ICP intends to become a primary producer of Sulphate of Potash (“SOP”) and Sulphate of Potash Magnesia (“SOPM”) by mining its 100%-owned Ochoa property in southeast New Mexico, a highly advanced polyhalite mineral deposit containing proven and probable reserves of more than 340 million tons of ore within the proposed mine plan. SOP is a non-chloride based potash fertilizer that sells at a substantial premium over the price of regular potash known as Muriate of Potash (“MOP”). MOP contains chloride and is therefore not the optimal potash for numerous crops and in situations where there is high soil salinity. ICP is focused on becoming the lowest cost producer of SOP in the world, a market that is towards six million tonnes per year. SOP is a significant fertilizer in horticultural industries, particularly fruits, vegetables, tobacco and potatoes. SOP is applicable for soils where there are substantial agricultural activity, high soil salinity, and in arid regions. SOPM is a highly desirable potash product for soils with magnesium deficiency, and has a total global market size of over one million tonnes. ICP’s Ochoa property consists of nearly 90,000 acres of federal subsurface potassium prospecting permits and State of New Mexico Potassium mining leases. For more information, please visit www.icpotash.com.
All scientific and technical disclosures in this press release have been prepared under the supervision of Terre Lane, an employee of ICP who is a Qualified Person within the meaning of National Instrument 43-101.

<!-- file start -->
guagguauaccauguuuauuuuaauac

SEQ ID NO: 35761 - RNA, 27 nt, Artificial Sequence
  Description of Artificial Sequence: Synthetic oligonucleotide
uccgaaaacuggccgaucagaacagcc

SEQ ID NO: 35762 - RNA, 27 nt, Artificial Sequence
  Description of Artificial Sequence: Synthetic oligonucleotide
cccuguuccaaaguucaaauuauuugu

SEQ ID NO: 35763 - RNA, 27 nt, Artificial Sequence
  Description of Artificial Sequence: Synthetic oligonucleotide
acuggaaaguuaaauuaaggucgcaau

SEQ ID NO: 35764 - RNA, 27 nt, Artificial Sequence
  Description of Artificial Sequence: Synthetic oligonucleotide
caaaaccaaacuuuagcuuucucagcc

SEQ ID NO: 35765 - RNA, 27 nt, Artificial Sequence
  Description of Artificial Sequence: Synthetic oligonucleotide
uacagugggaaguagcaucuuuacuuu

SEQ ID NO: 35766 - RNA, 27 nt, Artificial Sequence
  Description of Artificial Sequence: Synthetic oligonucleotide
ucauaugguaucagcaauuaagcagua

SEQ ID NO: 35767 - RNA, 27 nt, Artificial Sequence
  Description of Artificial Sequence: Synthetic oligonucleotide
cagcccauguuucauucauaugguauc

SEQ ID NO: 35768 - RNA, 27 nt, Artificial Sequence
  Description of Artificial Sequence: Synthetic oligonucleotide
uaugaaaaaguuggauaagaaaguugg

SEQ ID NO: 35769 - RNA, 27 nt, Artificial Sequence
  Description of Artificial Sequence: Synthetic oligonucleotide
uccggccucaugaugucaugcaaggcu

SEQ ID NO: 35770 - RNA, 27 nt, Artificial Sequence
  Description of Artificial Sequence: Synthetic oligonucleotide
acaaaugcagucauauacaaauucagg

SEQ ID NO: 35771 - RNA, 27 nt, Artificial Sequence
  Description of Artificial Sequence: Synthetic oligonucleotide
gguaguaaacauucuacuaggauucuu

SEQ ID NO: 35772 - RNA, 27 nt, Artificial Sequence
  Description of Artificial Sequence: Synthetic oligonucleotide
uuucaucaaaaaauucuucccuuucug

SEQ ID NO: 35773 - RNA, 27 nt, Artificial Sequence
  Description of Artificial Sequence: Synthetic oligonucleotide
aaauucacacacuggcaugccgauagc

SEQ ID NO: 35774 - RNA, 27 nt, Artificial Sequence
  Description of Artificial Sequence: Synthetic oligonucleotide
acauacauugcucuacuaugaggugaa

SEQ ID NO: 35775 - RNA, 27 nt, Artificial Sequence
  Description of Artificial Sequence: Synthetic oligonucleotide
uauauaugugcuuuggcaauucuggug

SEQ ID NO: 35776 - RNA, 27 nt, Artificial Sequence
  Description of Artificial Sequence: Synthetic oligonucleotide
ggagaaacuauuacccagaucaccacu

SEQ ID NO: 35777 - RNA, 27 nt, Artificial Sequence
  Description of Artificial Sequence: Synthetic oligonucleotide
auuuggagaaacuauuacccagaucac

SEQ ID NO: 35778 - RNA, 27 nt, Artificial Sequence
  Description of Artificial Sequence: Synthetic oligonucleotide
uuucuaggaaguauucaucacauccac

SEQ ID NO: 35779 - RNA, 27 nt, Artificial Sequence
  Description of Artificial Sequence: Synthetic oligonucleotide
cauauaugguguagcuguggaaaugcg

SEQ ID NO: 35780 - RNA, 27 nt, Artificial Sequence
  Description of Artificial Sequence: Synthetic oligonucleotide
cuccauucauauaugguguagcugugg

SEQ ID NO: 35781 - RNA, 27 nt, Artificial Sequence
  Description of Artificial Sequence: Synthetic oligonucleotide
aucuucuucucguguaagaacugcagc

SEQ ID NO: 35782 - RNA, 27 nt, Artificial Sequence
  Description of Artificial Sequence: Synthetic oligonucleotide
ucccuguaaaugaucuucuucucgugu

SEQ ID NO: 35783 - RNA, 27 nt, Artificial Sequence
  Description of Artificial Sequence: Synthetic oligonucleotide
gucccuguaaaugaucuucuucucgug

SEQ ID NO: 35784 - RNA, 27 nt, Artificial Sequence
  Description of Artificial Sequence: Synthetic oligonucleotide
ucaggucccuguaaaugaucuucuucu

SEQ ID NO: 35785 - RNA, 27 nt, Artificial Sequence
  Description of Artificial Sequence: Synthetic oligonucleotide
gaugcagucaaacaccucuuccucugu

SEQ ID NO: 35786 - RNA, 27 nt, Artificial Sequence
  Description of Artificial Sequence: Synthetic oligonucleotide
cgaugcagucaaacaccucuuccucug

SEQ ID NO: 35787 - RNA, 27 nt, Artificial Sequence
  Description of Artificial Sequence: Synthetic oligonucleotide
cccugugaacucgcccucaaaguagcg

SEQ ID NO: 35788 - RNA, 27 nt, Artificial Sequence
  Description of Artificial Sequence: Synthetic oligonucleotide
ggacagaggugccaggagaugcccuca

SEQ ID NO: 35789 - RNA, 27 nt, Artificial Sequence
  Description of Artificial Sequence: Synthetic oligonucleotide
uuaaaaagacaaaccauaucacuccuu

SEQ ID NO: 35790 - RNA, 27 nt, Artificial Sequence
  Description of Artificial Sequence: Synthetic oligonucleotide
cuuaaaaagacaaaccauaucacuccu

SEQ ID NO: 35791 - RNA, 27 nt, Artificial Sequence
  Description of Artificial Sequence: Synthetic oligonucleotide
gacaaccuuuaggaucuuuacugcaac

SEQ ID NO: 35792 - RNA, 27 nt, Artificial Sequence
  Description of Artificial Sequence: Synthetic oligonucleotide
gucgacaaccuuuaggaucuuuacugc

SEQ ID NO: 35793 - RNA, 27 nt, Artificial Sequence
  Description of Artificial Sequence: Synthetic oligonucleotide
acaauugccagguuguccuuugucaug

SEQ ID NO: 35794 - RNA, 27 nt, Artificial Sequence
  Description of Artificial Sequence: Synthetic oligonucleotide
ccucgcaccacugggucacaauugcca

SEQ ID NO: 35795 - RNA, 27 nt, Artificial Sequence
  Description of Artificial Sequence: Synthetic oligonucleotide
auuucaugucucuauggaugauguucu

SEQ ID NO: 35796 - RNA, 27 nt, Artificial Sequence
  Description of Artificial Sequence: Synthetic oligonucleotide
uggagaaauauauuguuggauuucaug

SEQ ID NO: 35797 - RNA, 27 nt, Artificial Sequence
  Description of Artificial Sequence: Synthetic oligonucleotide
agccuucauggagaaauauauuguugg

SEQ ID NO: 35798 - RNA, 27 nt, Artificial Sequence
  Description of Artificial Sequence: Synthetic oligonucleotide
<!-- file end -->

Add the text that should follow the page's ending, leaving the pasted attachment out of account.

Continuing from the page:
Certain information set forth in this news release may contain forward-looking statements that involve substantial known and unknown risks and uncertainties and other factors which may cause the actual results, performance or achievements of ICP to be materially different from any future results, performance or achievements expressed or implied by such forward-looking statements. Forward-looking statements include statements that use forward-looking terminology such as “may”, “will”, “expect”, “anticipate”, “believe”, “continue”, “potential” or the negative thereof or other variations thereof or comparable terminology. Such forward-looking statements include, without limitation, reserve estimates, statements regarding the expected results of the FS and completion of the FS on schedule and on budget, ICP’s expected position as one of the lowest cost producers of SOP in the world, the timing of receipt and publication of ICP’s environmental permits, the sufficiency of ICP’s cash balances, the timing of production, and other statements that are not historical facts. These forward-looking statements are subject to numerous risks and uncertainties, certain of which are beyond the control of ICP, including, but not limited to, risks associated with mineral exploration and mining activities, the impact of general economic conditions, industry conditions, dependence upon regulatory approvals, the uncertainty of obtaining additional financing, and risks associated with turning reserves into product. Readers are cautioned that the assumptions used in the preparation of such information, although considered reasonable at the time of preparation, may prove to be imprecise and, as such, undue reliance should not be placed on forward-looking statements.